By this time there were several good samaritans wanting to help and the community really started to join together in force.  Flyers were made and distributed, neighbor’s contacted neighbors through word of mouth and neighborhood websites and facebook.  People were trying to get the word out in the community about Rosebud and were asking people not to chase her but rather to call instead if she was sighted.

Then one morning a man on his way to work; 5.6 miles away from the neighborhood Rosebud was seen the evening before noticed a dog in the middle of a busy road.   He was able to lure her into his fenced in yard with bits of hot dog.  Rosebud was still very skittish…this kind man stayed home from work and sat in his yard with bits of hot dog trying to gain Rosebud’s trust.  Meanwhile his wife posted Rosebud on the Lost Dogs MN Facebook page asking, “is this your dog?”

At this time a diligent person who follows The Retrievers on facebook saw the posting on social media for a found dog and wondered if it could be Rosebud.  She notified The Retrievers immediately.

A view of Rosebud in the fenced in backyard of the good samaritan where she was captured.

A view of Rosebud in the fenced in
backyard of the good samaritan where she
was captured.

Soon the people closet to the search for Rosebud (Jenny, Jeff and Stephanie) arrived at this home.  It was Rosebud!   With patience and time, they were able to touch Rosebud gently and eventually have her walk into a crate.  Her time of roaming and scavenging to survive was finally over.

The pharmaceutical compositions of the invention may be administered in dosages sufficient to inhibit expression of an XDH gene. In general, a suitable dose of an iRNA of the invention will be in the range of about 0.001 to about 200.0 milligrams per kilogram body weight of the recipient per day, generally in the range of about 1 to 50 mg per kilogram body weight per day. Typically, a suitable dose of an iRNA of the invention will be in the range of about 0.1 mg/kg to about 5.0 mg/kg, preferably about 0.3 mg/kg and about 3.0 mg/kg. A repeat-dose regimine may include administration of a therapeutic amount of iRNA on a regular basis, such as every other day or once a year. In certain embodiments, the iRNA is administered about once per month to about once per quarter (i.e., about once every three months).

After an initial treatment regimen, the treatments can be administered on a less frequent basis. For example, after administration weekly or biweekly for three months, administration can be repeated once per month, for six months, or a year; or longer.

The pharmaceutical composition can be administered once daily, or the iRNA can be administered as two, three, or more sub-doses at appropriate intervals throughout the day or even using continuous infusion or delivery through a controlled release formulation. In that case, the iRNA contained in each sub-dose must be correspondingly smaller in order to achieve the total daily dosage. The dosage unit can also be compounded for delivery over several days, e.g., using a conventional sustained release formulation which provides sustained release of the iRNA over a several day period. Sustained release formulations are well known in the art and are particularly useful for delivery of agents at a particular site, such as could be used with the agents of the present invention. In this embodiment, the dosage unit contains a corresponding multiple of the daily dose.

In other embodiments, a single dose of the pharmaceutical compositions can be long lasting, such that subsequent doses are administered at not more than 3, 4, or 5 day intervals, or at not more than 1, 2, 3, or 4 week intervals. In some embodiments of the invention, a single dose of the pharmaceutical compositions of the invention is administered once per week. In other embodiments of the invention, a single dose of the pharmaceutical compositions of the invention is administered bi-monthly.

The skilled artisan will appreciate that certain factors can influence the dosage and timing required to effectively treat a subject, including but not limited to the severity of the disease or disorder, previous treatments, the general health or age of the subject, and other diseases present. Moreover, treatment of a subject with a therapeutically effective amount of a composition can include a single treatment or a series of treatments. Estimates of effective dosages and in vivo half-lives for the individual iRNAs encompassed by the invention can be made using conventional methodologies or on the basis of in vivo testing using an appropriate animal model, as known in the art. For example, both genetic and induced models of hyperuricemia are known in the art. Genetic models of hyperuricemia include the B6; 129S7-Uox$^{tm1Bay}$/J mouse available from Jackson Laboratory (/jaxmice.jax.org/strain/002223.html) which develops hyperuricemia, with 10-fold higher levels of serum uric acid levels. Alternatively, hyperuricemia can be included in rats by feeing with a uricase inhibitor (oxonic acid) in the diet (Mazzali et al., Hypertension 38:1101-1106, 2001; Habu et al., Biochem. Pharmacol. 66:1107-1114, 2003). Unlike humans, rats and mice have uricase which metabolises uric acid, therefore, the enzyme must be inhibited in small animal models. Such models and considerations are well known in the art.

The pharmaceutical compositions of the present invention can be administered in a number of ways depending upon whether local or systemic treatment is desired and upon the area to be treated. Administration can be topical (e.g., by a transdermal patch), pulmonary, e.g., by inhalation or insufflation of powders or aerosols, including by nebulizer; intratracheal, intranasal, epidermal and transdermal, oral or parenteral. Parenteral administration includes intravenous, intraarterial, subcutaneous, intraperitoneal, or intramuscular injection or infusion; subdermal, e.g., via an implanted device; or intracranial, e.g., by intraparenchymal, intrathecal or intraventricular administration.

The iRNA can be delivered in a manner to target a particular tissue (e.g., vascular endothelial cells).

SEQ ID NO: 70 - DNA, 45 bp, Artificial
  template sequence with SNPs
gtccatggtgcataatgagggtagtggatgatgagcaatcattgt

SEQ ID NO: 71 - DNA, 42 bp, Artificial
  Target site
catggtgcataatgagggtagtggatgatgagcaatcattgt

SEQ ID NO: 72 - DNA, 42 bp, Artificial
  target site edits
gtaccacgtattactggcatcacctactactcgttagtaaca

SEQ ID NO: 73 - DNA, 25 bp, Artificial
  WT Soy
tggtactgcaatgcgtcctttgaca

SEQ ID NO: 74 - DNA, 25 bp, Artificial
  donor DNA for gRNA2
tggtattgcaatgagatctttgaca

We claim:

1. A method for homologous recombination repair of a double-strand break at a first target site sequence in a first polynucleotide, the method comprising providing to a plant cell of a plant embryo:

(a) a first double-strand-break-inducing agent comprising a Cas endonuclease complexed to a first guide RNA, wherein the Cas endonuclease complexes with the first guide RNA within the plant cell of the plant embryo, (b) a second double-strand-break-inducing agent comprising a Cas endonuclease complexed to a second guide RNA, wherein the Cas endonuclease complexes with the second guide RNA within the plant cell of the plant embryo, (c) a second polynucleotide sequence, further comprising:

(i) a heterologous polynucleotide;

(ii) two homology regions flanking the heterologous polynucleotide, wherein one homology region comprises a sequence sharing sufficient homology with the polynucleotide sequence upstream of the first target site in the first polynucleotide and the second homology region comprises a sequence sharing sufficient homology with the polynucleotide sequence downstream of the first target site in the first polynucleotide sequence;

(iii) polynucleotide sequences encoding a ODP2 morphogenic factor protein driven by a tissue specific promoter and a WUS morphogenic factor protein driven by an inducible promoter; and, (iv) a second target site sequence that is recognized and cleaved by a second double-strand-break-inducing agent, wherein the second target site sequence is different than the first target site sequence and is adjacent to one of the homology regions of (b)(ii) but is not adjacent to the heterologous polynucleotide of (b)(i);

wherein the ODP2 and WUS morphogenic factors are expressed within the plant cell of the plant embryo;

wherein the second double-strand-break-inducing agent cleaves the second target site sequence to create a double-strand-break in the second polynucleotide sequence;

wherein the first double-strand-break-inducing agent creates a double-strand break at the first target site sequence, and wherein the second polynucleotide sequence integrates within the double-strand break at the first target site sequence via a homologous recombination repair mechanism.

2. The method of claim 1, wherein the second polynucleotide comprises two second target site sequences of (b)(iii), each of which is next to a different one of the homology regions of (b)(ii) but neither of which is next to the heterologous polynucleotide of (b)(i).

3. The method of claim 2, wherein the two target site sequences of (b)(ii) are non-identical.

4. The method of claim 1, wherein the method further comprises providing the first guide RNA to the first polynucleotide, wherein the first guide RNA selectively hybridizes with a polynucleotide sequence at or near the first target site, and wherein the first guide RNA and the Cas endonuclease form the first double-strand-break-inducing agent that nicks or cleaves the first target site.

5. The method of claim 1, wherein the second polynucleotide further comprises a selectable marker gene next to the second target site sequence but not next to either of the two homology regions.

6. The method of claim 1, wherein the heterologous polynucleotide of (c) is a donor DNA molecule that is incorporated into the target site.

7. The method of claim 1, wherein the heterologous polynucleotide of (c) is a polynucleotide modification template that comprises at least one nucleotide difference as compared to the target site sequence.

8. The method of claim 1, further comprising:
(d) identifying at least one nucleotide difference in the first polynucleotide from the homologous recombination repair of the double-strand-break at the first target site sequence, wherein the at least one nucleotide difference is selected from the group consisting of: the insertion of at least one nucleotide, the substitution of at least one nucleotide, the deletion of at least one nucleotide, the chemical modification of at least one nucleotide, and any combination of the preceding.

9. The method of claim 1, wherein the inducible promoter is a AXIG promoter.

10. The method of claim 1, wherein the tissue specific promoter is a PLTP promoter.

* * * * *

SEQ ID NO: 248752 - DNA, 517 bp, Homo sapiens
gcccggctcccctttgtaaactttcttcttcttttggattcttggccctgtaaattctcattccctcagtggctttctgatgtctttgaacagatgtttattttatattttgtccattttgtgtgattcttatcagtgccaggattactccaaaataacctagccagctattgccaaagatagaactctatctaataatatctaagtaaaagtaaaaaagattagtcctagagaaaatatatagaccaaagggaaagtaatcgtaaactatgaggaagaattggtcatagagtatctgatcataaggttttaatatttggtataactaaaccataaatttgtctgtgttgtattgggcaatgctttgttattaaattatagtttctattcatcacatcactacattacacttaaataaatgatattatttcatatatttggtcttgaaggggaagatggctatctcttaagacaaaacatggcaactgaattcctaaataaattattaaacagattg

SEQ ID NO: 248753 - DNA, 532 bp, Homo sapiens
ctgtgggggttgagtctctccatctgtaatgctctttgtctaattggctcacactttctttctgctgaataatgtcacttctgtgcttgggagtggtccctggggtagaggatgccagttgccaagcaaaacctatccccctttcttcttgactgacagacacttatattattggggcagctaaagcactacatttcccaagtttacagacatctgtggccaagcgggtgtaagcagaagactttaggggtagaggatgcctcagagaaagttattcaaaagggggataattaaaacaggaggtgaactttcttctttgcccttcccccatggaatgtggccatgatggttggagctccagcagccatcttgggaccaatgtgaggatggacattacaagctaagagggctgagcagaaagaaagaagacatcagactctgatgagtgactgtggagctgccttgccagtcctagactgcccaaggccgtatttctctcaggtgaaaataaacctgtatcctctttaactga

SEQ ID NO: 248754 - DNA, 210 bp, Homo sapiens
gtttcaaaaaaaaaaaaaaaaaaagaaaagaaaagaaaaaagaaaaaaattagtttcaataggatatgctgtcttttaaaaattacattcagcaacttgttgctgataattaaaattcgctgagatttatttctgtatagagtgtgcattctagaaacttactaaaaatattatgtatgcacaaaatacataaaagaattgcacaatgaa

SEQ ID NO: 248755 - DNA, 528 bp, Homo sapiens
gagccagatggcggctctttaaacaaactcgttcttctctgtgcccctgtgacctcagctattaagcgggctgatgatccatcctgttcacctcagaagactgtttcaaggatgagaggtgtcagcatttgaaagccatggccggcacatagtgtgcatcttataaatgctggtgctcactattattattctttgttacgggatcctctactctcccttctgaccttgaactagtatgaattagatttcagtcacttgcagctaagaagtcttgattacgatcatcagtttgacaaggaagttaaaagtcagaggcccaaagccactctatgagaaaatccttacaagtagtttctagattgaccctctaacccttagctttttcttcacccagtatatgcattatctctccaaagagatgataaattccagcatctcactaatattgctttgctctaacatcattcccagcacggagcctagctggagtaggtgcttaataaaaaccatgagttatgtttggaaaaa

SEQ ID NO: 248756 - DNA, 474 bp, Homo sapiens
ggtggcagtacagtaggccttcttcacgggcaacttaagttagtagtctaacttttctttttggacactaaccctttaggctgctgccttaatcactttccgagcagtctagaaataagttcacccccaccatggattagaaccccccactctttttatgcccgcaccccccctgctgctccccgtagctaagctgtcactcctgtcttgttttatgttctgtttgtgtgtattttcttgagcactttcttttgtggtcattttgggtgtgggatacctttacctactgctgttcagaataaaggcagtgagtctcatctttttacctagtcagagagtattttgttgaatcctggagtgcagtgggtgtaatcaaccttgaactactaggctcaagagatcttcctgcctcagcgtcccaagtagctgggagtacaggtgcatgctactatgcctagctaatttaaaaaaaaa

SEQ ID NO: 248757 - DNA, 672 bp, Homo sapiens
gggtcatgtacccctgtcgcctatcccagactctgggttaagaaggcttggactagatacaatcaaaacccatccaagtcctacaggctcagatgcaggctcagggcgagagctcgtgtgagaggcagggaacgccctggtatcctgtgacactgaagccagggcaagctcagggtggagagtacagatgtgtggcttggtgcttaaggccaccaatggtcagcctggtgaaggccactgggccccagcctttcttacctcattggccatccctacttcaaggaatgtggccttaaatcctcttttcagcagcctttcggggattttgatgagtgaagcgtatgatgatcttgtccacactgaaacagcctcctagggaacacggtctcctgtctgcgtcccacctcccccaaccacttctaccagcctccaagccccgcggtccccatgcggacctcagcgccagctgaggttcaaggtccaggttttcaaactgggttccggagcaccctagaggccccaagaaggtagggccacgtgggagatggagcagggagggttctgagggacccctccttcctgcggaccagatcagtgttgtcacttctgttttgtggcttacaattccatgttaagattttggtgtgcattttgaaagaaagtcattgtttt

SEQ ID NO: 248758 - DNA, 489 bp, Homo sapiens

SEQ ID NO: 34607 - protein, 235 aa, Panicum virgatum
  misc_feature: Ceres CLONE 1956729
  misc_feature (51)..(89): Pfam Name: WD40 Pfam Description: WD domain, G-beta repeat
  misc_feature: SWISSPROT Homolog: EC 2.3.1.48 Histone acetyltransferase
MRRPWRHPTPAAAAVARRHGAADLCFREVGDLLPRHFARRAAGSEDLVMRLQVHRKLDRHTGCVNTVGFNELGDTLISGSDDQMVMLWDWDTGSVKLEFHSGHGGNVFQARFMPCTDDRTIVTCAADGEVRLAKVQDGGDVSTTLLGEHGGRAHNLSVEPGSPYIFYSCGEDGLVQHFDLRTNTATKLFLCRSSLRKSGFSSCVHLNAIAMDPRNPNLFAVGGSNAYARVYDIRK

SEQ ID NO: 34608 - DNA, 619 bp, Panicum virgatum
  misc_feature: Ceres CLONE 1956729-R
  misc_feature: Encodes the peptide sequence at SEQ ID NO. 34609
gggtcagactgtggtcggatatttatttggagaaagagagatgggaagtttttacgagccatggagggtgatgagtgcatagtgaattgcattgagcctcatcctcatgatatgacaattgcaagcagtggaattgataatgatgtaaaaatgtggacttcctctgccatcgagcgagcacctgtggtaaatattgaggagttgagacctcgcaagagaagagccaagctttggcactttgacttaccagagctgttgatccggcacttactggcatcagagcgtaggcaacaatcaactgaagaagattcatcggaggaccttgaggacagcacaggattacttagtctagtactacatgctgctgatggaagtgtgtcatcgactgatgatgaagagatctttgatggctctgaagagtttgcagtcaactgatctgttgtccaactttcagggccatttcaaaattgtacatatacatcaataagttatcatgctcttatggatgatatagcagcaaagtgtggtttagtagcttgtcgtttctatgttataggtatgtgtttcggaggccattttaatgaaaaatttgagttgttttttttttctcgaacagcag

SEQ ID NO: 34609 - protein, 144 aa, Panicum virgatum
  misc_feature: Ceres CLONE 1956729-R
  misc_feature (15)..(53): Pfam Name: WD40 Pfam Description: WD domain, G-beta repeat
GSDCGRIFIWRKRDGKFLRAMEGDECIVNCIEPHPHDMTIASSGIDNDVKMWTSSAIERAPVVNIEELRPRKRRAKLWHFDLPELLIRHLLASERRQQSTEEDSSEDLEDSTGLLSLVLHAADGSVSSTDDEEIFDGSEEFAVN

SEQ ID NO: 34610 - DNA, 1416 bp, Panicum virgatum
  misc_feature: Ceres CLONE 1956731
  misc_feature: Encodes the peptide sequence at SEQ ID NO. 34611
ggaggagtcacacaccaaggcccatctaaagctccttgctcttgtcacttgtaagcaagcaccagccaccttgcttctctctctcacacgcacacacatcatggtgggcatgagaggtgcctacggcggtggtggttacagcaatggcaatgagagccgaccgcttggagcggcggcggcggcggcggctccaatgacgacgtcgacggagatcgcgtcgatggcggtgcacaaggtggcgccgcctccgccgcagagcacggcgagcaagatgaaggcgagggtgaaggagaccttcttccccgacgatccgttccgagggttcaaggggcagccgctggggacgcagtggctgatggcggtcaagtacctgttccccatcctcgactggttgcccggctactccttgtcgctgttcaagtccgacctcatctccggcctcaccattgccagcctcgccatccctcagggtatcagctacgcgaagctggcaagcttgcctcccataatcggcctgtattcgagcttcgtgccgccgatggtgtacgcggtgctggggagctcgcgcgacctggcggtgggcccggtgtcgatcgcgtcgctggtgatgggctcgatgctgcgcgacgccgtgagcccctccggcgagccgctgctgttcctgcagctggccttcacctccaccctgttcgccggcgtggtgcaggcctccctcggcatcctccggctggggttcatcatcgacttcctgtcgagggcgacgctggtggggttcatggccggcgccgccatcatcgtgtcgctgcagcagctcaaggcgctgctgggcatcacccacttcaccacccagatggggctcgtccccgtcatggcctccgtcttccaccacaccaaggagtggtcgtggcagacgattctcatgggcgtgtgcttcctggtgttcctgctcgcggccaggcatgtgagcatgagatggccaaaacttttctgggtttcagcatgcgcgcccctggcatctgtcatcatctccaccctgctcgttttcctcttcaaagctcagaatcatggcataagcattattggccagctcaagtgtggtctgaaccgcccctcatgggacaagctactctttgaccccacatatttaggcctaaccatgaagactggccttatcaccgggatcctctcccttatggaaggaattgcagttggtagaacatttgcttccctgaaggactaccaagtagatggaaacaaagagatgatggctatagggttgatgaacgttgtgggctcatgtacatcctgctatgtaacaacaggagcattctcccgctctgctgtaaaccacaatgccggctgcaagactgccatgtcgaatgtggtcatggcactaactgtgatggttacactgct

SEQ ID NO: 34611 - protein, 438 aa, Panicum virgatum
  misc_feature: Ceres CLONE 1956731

Rosebud just before capture. You can see the crate she eventually was corralled into

Rosebud just before capture. You can see the
crate she eventually was corralled into

There is no way to describe the relief the good samaritans felt when Rosebud was finally safe after a minimum of 6-8 weeks on her own. Rosebud was taken directly to a vet for an examination with Jenny and Jeff by her side.  As the pictures showed, the vet said she was emaciated, but for the most part in good health.   After the vet visit, she was taken to Jeff’s home.

The Retrievers really like the story of Rosebud.  Through the powers of social media, networking, consultation, and flyers, a small community was formed for the love of Rosebud and her safety.  She finally has good food to eat, a soft bed to lie in and people that love her.

At last report she is doing well and Jenny and Jeff say she has started wagging her tail and loving tummy rubs…